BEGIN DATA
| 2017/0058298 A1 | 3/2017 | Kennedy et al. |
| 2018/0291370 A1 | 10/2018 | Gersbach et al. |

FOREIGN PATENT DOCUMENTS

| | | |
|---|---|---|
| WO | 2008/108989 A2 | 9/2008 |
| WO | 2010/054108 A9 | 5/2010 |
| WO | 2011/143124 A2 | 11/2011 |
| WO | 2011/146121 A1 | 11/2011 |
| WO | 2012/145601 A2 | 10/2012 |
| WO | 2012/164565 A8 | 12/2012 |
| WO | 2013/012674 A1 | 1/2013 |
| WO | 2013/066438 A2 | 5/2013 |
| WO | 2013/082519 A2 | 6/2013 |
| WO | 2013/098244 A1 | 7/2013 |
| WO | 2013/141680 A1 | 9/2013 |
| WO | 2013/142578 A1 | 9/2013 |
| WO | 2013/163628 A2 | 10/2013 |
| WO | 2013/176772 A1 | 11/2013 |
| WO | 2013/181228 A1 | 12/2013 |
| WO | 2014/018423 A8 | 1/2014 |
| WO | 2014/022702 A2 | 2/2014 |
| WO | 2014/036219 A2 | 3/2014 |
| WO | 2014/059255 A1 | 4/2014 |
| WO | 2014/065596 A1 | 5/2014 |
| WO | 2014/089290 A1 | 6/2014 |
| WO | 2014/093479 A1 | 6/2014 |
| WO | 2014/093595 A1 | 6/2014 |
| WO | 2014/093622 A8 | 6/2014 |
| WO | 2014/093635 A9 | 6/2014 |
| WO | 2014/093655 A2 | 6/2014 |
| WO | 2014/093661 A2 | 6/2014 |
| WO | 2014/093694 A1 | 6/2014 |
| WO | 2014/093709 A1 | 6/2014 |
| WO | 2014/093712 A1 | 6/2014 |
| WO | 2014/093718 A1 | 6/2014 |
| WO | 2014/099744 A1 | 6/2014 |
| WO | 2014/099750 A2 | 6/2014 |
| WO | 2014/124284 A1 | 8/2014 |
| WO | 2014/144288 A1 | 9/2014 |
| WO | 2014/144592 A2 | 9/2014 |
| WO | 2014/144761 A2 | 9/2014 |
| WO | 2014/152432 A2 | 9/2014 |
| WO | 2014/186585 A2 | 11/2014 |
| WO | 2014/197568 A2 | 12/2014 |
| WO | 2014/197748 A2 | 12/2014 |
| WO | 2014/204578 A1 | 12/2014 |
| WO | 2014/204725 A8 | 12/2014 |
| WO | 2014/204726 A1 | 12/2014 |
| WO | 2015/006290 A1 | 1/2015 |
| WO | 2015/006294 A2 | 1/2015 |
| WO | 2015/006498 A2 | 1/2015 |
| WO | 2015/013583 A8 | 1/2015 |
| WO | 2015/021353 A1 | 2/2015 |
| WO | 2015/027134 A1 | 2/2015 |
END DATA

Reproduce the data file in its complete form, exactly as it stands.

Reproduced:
| 2017/0058298 A1 | 3/2017 | Kennedy et al. |
| 2018/0291370 A1 | 10/2018 | Gersbach et al. |

FOREIGN PATENT DOCUMENTS

| | | |
|---|---|---|
| WO | 2008/108989 A2 | 9/2008 |
| WO | 2010/054108 A9 | 5/2010 |
| WO | 2011/143124 A2 | 11/2011 |
| WO | 2011/146121 A1 | 11/2011 |
| WO | 2012/145601 A2 | 10/2012 |
| WO | 2012/164565 A8 | 12/2012 |
| WO | 2013/012674 A1 | 1/2013 |
| WO | 2013/066438 A2 | 5/2013 |
| WO | 2013/082519 A2 | 6/2013 |
| WO | 2013/098244 A1 | 7/2013 |
| WO | 2013/141680 A1 | 9/2013 |
| WO | 2013/142578 A1 | 9/2013 |
| WO | 2013/163628 A2 | 10/2013 |
| WO | 2013/176772 A1 | 11/2013 |
| WO | 2013/181228 A1 | 12/2013 |
| WO | 2014/018423 A8 | 1/2014 |
| WO | 2014/022702 A2 | 2/2014 |
| WO | 2014/036219 A2 | 3/2014 |
| WO | 2014/059255 A1 | 4/2014 |
| WO | 2014/065596 A1 | 5/2014 |
| WO | 2014/089290 A1 | 6/2014 |
| WO | 2014/093479 A1 | 6/2014 |
| WO | 2014/093595 A1 | 6/2014 |
| WO | 2014/093622 A8 | 6/2014 |
| WO | 2014/093635 A9 | 6/2014 |
| WO | 2014/093655 A2 | 6/2014 |
| WO | 2014/093661 A2 | 6/2014 |
| WO | 2014/093694 A1 | 6/2014 |
| WO | 2014/093709 A1 | 6/2014 |
| WO | 2014/093712 A1 | 6/2014 |
| WO | 2014/093718 A1 | 6/2014 |
| WO | 2014/099744 A1 | 6/2014 |
| WO | 2014/099750 A2 | 6/2014 |
| WO | 2014/124284 A1 | 8/2014 |
| WO | 2014/144288 A1 | 9/2014 |
| WO | 2014/144592 A2 | 9/2014 |
| WO | 2014/144761 A2 | 9/2014 |
| WO | 2014/152432 A2 | 9/2014 |
| WO | 2014/186585 A2 | 11/2014 |
| WO | 2014/197568 A2 | 12/2014 |
| WO | 2014/197748 A2 | 12/2014 |
| WO | 2014/204578 A1 | 12/2014 |
| WO | 2014/204725 A8 | 12/2014 |
| WO | 2014/204726 A1 | 12/2014 |
| WO | 2015/006290 A1 | 1/2015 |
| WO | 2015/006294 A2 | 1/2015 |
| WO | 2015/006498 A2 | 1/2015 |
| WO | 2015/013583 A8 | 1/2015 |
| WO | 2015/021353 A1 | 2/2015 |
| WO | 2015/027134 A1 | 2/2015 |